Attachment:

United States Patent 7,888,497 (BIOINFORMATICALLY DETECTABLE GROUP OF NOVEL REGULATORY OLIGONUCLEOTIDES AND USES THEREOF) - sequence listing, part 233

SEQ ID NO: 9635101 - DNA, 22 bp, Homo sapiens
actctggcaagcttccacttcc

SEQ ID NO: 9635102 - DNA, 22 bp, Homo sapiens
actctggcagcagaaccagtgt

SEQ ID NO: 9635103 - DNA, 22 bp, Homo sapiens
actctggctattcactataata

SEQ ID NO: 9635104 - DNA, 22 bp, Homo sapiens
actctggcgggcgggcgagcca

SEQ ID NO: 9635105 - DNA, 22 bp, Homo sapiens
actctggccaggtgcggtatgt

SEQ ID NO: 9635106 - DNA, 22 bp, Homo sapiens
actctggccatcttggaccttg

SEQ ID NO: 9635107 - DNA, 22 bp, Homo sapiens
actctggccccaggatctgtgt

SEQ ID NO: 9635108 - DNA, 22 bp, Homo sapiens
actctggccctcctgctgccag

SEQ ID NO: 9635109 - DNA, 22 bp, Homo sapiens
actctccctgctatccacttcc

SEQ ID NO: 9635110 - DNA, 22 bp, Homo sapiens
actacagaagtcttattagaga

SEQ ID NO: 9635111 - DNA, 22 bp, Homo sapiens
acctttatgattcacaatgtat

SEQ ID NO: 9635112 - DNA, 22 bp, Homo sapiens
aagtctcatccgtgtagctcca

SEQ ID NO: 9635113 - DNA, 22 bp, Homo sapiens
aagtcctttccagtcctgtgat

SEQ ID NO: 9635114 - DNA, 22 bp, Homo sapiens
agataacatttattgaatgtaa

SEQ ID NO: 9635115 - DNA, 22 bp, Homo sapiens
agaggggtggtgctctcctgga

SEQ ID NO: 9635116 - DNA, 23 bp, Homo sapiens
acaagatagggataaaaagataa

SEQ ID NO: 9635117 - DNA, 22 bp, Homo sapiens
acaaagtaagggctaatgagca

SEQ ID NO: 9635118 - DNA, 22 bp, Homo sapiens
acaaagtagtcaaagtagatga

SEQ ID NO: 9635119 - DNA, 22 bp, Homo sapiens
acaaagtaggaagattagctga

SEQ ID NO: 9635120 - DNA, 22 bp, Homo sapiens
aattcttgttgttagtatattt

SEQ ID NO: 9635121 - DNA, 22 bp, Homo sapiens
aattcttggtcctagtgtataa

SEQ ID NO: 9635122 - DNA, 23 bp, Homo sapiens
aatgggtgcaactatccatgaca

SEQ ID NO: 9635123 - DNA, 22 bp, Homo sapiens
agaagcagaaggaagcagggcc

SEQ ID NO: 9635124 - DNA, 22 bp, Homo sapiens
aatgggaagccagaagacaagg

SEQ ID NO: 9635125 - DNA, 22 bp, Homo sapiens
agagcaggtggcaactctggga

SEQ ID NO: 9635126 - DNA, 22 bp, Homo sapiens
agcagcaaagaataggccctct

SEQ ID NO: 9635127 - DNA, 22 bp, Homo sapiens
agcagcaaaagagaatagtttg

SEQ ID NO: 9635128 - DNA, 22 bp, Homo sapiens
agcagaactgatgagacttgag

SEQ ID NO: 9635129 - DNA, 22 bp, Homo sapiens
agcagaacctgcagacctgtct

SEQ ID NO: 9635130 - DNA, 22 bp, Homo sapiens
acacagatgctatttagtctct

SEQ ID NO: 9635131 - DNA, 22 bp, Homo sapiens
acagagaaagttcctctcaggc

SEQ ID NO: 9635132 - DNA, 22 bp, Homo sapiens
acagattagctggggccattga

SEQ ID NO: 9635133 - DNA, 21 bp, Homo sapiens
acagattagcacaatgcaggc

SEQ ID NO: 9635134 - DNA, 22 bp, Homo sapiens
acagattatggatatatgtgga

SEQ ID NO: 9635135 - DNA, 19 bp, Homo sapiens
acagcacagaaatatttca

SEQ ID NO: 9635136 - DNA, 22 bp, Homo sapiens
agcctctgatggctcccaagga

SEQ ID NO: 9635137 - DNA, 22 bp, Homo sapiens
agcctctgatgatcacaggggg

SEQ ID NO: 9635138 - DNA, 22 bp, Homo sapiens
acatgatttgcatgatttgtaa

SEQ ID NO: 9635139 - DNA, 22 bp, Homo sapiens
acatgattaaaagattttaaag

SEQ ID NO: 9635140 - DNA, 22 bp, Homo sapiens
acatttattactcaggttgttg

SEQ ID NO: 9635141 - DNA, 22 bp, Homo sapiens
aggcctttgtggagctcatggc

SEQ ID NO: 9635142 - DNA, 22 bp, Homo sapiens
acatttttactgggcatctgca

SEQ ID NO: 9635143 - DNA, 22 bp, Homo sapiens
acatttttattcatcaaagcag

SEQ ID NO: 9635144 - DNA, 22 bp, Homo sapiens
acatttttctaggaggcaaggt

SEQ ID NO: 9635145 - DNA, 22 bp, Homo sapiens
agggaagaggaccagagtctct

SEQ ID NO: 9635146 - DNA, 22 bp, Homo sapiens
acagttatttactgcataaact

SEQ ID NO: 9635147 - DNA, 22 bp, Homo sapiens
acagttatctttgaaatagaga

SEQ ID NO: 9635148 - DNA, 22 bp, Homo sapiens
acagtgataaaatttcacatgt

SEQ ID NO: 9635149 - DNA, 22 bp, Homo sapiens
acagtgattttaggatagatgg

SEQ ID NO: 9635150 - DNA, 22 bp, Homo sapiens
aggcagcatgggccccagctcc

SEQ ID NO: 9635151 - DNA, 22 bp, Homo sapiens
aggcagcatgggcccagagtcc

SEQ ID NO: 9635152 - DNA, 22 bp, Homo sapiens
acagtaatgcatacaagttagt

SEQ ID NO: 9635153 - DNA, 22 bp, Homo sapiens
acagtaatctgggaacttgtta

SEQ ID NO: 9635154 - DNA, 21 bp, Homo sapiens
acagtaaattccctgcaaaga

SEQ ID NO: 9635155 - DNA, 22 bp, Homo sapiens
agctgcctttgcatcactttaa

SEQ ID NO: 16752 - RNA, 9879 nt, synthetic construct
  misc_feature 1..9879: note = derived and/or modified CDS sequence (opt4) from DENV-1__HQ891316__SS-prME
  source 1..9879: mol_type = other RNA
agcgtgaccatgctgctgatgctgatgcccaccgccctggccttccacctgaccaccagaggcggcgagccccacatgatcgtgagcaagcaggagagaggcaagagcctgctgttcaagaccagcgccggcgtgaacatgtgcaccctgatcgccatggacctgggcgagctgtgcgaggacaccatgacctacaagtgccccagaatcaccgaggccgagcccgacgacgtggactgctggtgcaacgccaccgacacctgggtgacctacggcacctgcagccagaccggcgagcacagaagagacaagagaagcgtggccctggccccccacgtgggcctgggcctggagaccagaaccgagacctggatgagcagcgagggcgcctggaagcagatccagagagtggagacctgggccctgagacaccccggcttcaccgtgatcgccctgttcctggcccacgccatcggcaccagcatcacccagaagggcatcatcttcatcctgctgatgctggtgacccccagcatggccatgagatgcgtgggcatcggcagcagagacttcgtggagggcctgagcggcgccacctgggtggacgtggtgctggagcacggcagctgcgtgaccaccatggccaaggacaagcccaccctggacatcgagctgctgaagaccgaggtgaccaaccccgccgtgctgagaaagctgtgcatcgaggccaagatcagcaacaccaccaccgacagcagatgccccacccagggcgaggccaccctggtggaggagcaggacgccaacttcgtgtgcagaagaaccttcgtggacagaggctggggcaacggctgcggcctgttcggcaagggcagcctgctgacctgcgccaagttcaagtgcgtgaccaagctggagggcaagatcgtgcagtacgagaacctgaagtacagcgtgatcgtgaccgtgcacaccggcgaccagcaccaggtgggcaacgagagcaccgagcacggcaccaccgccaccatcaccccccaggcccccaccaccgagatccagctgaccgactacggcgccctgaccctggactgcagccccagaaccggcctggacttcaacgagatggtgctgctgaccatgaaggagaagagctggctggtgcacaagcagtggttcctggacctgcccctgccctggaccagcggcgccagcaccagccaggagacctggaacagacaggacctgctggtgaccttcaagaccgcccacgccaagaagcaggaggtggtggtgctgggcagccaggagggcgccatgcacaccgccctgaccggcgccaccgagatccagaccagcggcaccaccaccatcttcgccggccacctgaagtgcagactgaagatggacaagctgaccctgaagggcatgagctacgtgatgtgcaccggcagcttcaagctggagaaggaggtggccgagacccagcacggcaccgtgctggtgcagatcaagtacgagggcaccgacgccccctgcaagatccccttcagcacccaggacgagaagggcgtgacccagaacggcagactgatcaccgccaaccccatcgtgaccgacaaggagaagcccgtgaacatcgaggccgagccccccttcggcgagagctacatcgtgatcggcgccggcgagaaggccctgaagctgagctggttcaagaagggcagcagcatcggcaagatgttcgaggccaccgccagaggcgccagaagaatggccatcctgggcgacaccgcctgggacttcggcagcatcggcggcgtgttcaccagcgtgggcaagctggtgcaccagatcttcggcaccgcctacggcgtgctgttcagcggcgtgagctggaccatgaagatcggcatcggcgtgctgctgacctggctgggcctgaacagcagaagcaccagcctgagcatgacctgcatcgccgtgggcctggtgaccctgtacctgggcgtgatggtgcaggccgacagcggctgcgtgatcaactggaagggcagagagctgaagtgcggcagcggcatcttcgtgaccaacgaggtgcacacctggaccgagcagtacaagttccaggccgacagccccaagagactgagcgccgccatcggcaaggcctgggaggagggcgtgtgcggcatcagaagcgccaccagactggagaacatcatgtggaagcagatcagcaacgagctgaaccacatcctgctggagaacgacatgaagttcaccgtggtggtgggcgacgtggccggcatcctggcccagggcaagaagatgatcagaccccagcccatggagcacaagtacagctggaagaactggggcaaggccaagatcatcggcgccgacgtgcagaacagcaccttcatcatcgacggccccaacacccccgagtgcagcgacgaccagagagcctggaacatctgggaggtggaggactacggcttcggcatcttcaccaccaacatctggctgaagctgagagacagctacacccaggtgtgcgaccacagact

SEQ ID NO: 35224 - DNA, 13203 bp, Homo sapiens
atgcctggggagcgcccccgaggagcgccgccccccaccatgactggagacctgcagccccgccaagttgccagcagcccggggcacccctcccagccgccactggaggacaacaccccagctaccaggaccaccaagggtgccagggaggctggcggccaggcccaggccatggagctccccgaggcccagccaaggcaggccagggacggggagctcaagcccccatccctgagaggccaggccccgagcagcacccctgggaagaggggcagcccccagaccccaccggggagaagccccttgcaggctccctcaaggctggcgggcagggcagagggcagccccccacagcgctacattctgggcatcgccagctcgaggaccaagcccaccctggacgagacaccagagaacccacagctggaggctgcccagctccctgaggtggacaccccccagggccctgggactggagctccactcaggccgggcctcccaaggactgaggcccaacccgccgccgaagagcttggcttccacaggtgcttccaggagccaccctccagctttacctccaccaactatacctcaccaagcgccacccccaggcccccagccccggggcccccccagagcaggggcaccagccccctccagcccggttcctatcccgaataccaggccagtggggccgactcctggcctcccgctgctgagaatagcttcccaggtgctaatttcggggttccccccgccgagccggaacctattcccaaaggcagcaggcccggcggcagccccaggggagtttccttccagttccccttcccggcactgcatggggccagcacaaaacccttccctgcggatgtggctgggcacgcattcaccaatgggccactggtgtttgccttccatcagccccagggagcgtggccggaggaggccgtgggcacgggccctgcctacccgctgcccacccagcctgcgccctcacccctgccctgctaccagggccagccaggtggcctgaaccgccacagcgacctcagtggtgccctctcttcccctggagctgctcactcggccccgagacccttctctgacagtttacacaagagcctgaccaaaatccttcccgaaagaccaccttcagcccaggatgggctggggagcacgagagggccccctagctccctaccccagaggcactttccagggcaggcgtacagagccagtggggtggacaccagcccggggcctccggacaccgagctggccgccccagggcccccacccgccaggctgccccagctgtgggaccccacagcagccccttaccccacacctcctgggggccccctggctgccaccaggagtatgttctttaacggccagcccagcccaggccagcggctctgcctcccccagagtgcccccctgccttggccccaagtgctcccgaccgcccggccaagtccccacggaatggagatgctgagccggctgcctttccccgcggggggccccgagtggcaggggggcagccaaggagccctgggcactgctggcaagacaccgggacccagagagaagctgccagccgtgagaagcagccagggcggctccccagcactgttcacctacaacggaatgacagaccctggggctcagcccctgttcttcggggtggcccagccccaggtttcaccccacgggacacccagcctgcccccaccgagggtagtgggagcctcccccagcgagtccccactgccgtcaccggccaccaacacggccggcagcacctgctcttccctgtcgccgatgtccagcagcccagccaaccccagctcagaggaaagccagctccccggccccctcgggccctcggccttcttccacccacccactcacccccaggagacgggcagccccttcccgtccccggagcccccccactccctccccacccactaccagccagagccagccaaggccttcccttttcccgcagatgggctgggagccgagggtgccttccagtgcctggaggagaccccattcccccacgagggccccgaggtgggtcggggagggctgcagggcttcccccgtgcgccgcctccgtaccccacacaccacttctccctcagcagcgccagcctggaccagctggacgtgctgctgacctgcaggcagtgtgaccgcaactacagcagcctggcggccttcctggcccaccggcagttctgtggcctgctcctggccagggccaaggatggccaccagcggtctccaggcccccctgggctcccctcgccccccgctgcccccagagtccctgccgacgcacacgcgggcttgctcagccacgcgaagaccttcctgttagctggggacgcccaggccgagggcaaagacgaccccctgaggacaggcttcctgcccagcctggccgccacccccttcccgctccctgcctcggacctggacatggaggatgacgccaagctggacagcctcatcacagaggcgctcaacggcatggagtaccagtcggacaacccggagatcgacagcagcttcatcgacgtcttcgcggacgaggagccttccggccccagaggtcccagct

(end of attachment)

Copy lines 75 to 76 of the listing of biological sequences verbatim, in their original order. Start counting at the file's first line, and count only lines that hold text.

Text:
agcctctgatgatcacaggggg

SEQ ID NO: 9635138 - DNA, 22 bp, Homo sapiens